U.K. creates new "route 66” for connected-vehicle testing

  • 03-Feb-2016 02:27 EST
JLR02-16_Emergency Braking Research.jpg

Over-the-horizon emergency braking can trigger a dashboard alert in JLR's R&D connected system.

A new “route 66” is being established in the U.K. to create a real-world test highway for connected and autonomous vehicle technologies. JLR (Jaguar Land Rover) is one of the companies investing in the 66-km-long (41-mi) road corridor in the British Midlands.

Latest generation communications equipment will be installed on the route, which is the first of its kind in the U.K. Research will include beyond visual range (BVR) situation monitoring systems.

Dr. Wolfgang Epple, JLR’s R&D Director, said the facility would provide testing on five types of roads and associated junctions: “The connected and autonomous vehicle features we will be testing will improve road safety, enhance the driving experience, reduce the potential for traffic jams, and improve traffic flow.”

JLR engineers said four main connectivity technologies will be tested: 4-G based LTE (Long Term Evolution); DSRC (Dedicated Short Range Communications); LTE-V (more advanced LTE), and local Wi-Fi hotspots. The JLR teams will also be testing “over the horizon” warning systems in real-world conditions, helping autonomous vehicles respond to changing conditions well in advance of any hazard.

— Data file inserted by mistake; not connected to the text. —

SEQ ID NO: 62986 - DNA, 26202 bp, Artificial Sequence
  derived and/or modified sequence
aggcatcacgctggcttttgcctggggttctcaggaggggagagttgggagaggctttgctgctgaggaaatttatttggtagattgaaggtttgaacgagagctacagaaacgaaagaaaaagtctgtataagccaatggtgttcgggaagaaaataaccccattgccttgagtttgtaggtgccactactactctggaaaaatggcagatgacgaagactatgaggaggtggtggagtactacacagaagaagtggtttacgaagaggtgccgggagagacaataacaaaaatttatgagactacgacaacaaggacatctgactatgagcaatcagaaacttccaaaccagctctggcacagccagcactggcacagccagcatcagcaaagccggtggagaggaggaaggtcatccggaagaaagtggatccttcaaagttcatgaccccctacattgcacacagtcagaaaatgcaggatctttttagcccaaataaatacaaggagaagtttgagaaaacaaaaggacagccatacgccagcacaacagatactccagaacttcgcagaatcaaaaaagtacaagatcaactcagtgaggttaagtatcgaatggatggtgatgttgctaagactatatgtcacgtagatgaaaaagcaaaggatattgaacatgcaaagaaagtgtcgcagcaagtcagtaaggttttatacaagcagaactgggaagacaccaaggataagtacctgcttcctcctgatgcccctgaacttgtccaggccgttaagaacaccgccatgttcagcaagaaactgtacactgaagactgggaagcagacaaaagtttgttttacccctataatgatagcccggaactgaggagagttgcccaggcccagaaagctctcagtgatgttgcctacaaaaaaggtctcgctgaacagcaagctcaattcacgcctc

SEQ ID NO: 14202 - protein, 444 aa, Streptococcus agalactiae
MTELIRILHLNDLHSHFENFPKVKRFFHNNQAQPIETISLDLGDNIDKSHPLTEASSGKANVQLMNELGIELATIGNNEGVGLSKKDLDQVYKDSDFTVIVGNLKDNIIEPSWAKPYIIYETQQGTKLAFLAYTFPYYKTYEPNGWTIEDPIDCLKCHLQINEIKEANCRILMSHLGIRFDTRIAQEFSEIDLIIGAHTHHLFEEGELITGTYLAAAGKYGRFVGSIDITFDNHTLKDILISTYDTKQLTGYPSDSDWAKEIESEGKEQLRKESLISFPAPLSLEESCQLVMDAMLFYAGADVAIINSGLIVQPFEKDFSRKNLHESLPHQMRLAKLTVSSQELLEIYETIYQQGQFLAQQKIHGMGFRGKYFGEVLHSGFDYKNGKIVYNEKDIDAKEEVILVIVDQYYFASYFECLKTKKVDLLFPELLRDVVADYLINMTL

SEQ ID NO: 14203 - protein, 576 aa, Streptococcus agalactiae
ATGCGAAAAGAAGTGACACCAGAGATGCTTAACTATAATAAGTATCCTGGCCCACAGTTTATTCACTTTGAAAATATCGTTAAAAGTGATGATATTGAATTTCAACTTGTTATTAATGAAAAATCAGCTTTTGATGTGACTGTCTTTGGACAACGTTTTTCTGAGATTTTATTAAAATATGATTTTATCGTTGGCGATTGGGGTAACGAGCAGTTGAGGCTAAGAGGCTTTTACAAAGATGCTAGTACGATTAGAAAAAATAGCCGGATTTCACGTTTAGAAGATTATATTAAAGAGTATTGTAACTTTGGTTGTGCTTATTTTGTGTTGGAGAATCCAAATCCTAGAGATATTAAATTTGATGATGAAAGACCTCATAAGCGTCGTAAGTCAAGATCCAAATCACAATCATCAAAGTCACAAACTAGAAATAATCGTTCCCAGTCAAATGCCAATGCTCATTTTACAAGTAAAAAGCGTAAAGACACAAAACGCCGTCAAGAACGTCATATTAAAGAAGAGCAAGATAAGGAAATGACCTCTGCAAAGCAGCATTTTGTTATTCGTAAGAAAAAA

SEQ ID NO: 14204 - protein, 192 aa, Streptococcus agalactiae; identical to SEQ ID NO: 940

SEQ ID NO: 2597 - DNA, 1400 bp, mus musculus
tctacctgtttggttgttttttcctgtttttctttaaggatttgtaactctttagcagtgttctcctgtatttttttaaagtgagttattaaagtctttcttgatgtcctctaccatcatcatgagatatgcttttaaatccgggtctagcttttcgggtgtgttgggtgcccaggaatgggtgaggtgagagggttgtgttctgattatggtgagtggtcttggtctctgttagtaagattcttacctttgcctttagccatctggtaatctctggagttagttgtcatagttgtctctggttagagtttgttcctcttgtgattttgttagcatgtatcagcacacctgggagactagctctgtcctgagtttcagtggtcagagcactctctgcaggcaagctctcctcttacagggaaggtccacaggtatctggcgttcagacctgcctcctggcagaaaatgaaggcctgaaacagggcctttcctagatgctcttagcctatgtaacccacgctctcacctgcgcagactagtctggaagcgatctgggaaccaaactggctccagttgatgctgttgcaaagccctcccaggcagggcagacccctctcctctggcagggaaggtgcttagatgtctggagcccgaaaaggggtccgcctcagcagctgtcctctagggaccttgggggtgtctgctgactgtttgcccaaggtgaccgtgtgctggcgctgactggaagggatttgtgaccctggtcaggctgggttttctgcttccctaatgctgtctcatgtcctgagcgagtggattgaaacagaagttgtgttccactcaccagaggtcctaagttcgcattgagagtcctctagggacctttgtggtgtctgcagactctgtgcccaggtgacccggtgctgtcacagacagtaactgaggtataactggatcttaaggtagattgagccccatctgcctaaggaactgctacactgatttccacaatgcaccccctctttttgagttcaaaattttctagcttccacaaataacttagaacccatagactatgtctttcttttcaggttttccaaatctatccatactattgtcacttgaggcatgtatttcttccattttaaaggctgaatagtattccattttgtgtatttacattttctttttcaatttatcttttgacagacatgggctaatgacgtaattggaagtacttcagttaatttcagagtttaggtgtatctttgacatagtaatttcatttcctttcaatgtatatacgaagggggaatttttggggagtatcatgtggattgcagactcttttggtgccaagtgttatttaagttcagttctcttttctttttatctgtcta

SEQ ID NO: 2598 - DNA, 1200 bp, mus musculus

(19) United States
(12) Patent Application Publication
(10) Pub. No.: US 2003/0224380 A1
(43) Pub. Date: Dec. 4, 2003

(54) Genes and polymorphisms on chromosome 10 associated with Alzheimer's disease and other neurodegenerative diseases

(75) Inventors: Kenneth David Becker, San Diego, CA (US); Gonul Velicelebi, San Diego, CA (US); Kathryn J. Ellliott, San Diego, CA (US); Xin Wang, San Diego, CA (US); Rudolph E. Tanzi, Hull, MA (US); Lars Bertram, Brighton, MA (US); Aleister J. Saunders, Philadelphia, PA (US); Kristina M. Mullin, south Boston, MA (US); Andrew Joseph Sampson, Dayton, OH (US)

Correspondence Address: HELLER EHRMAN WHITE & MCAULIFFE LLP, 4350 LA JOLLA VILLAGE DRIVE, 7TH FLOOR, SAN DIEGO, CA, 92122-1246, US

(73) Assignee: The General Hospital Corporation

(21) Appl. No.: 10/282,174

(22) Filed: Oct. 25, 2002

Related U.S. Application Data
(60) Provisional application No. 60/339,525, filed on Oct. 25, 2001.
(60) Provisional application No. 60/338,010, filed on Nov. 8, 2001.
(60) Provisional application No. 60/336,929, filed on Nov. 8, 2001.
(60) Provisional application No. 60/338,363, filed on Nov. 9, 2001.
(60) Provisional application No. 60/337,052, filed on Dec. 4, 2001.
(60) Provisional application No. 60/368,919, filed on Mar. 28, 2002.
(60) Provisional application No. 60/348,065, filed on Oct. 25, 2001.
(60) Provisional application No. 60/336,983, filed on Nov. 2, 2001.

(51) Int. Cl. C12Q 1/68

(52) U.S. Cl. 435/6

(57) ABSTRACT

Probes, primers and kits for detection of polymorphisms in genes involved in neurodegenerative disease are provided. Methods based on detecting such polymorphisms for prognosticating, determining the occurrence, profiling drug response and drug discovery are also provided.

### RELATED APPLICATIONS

The 66-km “living laboratory” is a three-year project by U.K.-CITE (Connected Intelligent Transport Environment), a government-industry consortium for vehicle-to-vehicle (V2V) and vehicle-to-infrastructure (V2I) research. U.K.-CITE members include Visteon, Siemens, Coventry City Council, WMG-University of Warwick, Horiba MIRA, Coventry University and Vodafone, along with JLR.

Up to 100 connected and highly automated cars are expected to be tested on the route. At present JLR plans to use five vehicles.

"A well informed driver is a safer driver," Dr. Epple noted, "while an autonomous vehicle will need to receive information about the driving environment ahead.” He said it could then take direct action, and drivers would receive a visual and audible warning that another car is causing a hazard out of sight or over the horizon.

V2V communication could also incorporate warnings from approaching emergency vehicles, allowing a driver to be aware of nearby, possibly high speed, police, fire or medical response units, well ahead of visual or aural warning signals from lights or sirens being detected.

Alternatives to out-of-vehicle warning systems will be a significant element of the connected testing. Warning messages currently displayed on overhead gantries could be sent directly to an onboard screen.

As autonomous driving technology gains credibility, the U.K. government recently announced that eight new projects have been awarded £20 million funding to research and develop enhanced communication between vehicles and roadside infrastructure or urban information systems, including new “talking car technologies.”

The projects are the first to be funded from the government’s £100 million Intelligent Mobility Fund.

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